TOKYO -- Following confirmation that U.S. military helicopters have been traversing central Tokyo at low altitudes that are illegal for Japanese aircraft, the Mainichi Shimbun recently released another video showing a U.S. Army Black Hawk flying low over the area between Shinjuku Station and the Tokyo Skytree tower.
The footage taken on Aug. 18, 2020 captured the Black Hawk helicopter taking off at around 10:50 a.m. from the U.S. military's Roppongi heliport, and then shifting course north toward Shinjuku when it reached the area around Shibuya Station. The helicopter passed above Shinjuku Station, one of the busiest train stations in the world, in the space between the Tokyo Metropolitan Government headquarters' 243-meter-tall No. 1 main building, and the roughly 270-meter-tall NTT Docomo Yoyogi Building, while mostly maintaining altitude.
The Mainichi Shimbun reporting team took the video from the Tokyo Metropolitan Government headquarters' northern observatory, which stands at 202 meters and was to the west of the helicopter. The footage shows the helicopter pass in front of the NTT Docomo Yoyogi Building, showing it was flying lower than the top of the skyscraper. A video of the same helicopter was taken by a separate reporter from about 200 m up in a different building to the chopper's southeast, and this footage also confirmed that the Black Hawk passed above Shinjuku Station at lower than 300 meters.
Japan's aviation laws and regulations set the minimum safety altitude for flying at 300 meters above the top of the highest building within a 600-meter radius of the aircraft in densely populated areas, and stipulate that aircraft fly higher than this. The distance between the metro government building and the NTT Docomo Yoyogi Building is only about 1,100 meters, and it is illegal for Japanese aircraft to fly through the space between these two buildings at an altitude of under 300 meters.
The Black Hawk passed over Shinjuku Station and entered the zone within the JR Yamanote Line before heading to the eastern part of central Tokyo. The aircraft flew over the Tokyo Dome, Ueno Park, and the Asakusa area, and headed toward Tokyo Skytree. The investigative team's cameras also captured the moment that the Black Hawk crossed in front of the 240-m-tall Sunshine 60 building in the Ikebukuro area as the helicopter moved eastward. This shows that the helicopter flew at an altitude of below 300 m while it was in the Yamanote Line as well.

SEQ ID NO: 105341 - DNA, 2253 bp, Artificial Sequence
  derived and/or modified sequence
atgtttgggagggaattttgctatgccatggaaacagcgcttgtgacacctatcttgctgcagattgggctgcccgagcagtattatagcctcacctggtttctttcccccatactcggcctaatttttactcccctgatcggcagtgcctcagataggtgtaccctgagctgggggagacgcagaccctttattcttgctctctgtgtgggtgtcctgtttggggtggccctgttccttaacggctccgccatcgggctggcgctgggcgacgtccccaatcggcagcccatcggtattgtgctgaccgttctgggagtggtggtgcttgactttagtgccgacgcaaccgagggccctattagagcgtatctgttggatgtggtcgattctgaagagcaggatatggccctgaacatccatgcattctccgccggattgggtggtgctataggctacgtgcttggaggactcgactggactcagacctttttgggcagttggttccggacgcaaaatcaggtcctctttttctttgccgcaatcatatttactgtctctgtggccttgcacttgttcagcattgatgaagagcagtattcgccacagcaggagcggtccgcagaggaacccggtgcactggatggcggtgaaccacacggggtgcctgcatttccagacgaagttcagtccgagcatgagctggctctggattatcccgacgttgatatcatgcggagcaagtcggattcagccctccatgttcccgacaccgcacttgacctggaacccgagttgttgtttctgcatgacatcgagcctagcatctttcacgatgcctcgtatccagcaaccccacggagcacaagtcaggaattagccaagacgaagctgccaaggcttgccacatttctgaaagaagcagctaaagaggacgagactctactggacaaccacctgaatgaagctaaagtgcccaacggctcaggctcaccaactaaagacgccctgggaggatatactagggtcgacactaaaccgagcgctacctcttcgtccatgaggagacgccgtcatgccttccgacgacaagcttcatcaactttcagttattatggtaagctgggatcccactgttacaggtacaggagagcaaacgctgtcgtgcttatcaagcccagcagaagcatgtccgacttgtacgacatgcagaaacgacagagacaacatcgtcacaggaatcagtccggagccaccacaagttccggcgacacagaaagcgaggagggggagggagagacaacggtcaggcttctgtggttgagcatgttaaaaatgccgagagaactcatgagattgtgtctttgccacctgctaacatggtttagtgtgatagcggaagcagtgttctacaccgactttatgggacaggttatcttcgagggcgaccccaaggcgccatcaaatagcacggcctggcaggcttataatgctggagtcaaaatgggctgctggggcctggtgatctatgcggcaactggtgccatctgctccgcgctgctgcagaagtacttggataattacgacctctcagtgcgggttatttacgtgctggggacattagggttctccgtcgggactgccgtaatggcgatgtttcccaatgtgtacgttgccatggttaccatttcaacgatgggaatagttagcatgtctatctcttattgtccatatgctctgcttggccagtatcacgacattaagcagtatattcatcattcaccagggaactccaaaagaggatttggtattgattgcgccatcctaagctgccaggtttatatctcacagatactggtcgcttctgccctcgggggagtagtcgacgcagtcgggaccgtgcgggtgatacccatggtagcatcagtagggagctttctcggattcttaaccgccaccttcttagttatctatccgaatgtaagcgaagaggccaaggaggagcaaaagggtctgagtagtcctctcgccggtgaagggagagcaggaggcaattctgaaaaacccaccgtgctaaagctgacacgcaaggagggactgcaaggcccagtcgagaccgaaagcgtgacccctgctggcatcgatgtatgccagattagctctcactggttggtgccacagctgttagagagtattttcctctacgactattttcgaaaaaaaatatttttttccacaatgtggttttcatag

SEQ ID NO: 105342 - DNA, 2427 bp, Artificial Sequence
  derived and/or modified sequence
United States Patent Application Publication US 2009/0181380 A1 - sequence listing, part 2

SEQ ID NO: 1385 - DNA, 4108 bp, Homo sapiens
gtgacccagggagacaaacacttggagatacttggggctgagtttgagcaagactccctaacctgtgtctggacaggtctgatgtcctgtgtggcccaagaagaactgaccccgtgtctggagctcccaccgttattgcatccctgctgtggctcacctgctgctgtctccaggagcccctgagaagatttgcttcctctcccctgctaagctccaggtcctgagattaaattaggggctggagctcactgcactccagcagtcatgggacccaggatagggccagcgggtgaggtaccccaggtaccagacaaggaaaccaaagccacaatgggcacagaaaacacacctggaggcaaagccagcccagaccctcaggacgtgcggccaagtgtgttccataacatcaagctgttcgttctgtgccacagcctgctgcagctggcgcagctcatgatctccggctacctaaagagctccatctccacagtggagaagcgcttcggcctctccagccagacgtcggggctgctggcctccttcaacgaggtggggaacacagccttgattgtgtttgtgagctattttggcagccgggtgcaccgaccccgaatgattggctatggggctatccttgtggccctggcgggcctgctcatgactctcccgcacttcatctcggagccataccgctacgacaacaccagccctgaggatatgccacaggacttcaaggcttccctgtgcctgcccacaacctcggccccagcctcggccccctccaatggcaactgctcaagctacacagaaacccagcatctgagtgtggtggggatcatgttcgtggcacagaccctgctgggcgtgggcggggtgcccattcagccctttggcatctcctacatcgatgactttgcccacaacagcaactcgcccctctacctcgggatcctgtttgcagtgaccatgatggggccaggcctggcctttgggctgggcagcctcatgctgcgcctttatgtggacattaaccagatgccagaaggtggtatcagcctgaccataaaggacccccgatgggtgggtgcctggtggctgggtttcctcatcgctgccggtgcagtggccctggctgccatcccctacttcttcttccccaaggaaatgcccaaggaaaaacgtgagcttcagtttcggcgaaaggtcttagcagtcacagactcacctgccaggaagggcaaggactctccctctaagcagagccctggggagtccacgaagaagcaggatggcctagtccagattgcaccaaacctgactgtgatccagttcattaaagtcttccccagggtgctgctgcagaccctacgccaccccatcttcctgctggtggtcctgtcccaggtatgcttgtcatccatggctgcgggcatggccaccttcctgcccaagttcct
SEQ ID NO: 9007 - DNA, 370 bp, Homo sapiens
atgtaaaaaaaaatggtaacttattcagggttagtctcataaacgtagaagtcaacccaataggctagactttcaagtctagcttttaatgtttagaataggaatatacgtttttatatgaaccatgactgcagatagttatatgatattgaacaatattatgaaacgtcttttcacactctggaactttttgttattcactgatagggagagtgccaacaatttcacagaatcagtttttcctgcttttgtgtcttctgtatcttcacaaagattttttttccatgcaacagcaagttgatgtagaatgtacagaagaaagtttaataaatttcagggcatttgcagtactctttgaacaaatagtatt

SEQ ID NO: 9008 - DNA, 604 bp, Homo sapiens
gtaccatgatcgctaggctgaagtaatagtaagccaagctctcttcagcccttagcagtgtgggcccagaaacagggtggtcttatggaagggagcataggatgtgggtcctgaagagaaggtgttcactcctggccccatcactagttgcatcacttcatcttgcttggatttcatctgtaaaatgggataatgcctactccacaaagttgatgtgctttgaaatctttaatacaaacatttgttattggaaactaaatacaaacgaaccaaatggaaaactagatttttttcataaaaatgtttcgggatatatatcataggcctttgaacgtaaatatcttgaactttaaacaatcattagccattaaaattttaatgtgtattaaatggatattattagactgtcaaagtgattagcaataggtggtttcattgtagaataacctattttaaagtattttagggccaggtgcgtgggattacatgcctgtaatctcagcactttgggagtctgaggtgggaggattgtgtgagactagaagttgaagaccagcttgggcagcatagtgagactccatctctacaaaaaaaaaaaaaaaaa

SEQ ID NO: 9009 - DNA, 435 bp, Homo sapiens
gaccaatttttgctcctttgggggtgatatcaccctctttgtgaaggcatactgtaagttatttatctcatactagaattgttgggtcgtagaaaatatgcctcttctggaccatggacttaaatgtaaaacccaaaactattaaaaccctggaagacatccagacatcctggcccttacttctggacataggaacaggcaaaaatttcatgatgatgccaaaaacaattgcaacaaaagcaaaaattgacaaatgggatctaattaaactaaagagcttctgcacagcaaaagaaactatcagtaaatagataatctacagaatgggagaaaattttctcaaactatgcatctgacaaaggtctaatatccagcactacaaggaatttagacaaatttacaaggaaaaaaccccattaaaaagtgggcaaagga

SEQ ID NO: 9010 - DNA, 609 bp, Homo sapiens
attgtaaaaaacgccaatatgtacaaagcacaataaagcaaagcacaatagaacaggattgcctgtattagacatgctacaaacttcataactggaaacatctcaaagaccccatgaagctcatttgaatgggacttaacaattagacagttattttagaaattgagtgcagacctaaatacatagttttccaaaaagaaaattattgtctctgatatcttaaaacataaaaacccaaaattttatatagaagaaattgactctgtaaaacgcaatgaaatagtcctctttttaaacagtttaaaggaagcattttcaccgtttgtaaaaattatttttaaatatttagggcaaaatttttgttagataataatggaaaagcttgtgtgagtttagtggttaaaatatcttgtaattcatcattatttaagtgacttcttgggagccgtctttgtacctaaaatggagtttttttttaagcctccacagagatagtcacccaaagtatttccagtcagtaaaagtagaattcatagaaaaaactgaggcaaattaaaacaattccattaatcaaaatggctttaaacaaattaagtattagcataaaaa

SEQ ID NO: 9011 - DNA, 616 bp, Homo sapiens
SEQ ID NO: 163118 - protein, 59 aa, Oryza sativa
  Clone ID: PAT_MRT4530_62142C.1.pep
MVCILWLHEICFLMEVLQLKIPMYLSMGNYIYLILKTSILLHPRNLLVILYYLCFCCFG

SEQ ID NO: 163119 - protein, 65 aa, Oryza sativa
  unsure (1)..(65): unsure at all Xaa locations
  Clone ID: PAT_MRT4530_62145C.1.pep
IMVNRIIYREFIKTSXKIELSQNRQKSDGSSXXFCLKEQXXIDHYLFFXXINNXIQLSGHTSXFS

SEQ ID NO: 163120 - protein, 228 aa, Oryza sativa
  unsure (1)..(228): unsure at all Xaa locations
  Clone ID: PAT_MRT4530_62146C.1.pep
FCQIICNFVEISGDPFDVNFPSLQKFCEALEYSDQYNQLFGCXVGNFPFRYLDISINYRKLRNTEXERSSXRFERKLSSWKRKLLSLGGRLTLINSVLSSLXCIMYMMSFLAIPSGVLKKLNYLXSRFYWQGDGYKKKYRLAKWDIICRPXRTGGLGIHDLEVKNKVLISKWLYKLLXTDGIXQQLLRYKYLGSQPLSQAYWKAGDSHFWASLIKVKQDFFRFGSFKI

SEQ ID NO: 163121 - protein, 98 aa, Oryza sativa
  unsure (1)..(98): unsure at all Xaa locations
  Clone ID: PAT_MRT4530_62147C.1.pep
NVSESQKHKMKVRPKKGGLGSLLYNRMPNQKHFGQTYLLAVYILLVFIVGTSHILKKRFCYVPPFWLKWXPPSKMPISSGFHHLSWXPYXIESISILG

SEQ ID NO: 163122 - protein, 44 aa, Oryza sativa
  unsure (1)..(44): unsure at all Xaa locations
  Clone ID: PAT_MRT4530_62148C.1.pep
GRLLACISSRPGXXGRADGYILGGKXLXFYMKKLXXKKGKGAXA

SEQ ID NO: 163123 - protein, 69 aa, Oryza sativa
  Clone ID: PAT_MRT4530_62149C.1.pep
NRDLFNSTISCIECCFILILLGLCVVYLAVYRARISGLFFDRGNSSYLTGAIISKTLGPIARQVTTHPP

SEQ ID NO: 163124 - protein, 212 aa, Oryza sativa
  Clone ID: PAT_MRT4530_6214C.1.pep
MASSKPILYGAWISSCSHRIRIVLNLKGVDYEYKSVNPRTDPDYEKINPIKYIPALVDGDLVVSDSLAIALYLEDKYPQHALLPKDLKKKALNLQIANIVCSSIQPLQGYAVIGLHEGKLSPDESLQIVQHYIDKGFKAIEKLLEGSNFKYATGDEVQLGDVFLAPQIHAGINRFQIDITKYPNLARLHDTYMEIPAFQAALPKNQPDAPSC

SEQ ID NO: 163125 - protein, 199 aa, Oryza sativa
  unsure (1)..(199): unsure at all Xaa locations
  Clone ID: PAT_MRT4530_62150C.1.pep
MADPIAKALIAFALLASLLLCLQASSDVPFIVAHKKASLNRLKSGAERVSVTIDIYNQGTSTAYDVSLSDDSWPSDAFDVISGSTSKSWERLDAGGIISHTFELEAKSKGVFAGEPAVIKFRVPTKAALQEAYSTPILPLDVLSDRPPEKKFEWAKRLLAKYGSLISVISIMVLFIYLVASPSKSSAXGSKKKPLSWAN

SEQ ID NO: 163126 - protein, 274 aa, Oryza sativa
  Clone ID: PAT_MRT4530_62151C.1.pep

The Black Hawk made a U-turn when it passed Tokyo Skytree, and retraced its flight path to Shinjuku. It passed by the Defense Ministry's communications tower in Ichigaya, which tops out at 220 m, at the same altitude as or lower than the tower, and appeared in the sky above Shinjuku Station. The Black Hawk then bisected the metro government and NTT Docomo Yoyogi buildings once more. The footage clearly shows that the helicopter was again flying well below the NTT Docomo Building's highest point.
A reporter captured the very moment that the Black Hawk leisurely passed in front of the metro government building's observatory. A camera operated by a reporter in a separate building also captured the aircraft flying by in front of the observatory.
U.S. military aircraft are exempt from the minimum safety altitude stipulated by Japanese aviation laws due to a special provisions law based on the Japan-U.S. Status of Forces Agreement (SOFA). However, the SOFA stipulates that U.S. aircraft have a duty to respect the aviation laws and regulations of Japan, and Defense Minister Nobuo Kishi said during a Diet session that "it's not that they (the helicopters) can fly completely freely."
The Mainichi has been reporting on the issue of repeated low-altitude flights by U.S. military helicopters in Japan's capital since Feb. 24 this year, backed by video. As the U.S. has yet to offer a conclusive answer on the issue despite the Japanese government's request to do so, the Mainichi will continue to release footage of low-altitude flights by U.S. military aircraft.
(Japanese original by Hiroyuki Oba, Tokyo City News Department and Takahiro Kato, Video Group)